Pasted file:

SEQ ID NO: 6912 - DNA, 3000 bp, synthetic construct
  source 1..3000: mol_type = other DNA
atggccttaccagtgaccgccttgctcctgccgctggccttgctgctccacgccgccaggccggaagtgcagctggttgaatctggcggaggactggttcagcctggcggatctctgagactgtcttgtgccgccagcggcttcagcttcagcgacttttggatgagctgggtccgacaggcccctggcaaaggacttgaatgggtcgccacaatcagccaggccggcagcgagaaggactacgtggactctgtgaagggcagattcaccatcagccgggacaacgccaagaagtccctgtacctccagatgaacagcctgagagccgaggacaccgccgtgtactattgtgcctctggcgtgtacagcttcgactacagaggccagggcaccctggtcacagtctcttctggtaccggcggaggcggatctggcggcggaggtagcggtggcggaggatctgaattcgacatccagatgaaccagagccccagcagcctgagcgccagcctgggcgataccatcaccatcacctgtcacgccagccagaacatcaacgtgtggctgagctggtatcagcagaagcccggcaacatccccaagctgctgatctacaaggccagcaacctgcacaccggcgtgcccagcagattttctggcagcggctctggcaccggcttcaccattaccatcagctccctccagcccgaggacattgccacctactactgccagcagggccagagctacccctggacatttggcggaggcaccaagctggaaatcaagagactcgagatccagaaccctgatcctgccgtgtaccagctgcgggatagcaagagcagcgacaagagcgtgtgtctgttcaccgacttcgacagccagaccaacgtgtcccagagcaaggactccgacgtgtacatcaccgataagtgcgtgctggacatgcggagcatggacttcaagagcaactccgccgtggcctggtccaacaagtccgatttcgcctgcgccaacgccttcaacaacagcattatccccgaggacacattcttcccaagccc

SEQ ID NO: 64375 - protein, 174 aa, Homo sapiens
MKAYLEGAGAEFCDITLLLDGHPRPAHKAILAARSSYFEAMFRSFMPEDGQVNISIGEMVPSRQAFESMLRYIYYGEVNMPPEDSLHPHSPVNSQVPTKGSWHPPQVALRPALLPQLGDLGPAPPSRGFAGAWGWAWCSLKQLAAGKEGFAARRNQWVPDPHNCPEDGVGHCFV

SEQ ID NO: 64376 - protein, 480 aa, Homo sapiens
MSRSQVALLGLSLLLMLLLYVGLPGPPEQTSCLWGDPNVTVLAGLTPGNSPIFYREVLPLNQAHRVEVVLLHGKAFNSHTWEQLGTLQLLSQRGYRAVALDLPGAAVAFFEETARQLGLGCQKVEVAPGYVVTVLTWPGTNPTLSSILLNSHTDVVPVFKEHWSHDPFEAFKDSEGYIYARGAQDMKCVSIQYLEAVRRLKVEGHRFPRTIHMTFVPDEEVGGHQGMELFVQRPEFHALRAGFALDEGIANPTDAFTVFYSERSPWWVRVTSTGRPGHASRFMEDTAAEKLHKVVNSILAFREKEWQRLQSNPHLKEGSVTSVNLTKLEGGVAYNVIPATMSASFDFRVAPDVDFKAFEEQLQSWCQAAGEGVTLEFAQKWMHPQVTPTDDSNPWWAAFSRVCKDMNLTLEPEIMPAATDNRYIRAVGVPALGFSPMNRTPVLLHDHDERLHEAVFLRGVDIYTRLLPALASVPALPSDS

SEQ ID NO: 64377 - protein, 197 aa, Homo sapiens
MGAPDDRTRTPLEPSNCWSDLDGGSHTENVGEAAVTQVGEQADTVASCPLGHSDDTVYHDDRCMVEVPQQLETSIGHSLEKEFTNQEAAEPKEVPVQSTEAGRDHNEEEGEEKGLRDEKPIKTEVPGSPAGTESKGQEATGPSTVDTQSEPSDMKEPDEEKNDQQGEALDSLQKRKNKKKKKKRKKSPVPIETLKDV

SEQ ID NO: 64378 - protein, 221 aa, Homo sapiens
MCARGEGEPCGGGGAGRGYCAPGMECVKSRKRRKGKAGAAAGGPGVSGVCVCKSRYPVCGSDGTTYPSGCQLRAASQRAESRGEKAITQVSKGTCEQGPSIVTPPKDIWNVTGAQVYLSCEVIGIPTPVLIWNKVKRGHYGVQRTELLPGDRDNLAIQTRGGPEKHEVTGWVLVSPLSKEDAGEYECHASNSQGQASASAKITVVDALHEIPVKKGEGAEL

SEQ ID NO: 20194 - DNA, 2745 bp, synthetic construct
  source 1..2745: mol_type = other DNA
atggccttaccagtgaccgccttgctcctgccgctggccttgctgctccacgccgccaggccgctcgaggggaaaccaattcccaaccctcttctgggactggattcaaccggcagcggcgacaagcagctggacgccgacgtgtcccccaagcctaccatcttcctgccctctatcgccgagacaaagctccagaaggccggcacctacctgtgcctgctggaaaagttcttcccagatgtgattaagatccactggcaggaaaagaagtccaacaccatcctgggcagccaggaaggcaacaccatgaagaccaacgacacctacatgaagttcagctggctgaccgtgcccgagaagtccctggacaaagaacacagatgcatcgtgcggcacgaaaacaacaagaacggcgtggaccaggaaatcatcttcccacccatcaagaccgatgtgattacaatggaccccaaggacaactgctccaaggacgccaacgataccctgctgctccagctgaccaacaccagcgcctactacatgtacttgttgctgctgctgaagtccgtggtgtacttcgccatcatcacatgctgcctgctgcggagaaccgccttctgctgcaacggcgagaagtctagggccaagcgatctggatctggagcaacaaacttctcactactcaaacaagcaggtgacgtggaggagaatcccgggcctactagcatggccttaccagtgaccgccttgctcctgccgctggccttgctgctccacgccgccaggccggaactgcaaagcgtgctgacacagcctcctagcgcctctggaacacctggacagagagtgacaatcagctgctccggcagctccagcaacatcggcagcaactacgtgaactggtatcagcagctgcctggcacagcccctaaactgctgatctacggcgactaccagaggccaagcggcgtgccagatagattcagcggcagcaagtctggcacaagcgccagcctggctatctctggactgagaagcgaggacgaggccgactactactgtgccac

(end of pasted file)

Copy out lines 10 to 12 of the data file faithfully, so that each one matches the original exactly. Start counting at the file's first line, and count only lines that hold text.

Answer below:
SEQ ID NO: 64378 - protein, 221 aa, Homo sapiens
MCARGEGEPCGGGGAGRGYCAPGMECVKSRKRRKGKAGAAAGGPGVSGVCVCKSRYPVCGSDGTTYPSGCQLRAASQRAESRGEKAITQVSKGTCEQGPSIVTPPKDIWNVTGAQVYLSCEVIGIPTPVLIWNKVKRGHYGVQRTELLPGDRDNLAIQTRGGPEKHEVTGWVLVSPLSKEDAGEYECHASNSQGQASASAKITVVDALHEIPVKKGEGAEL

SEQ ID NO: 20194 - DNA, 2745 bp, synthetic construct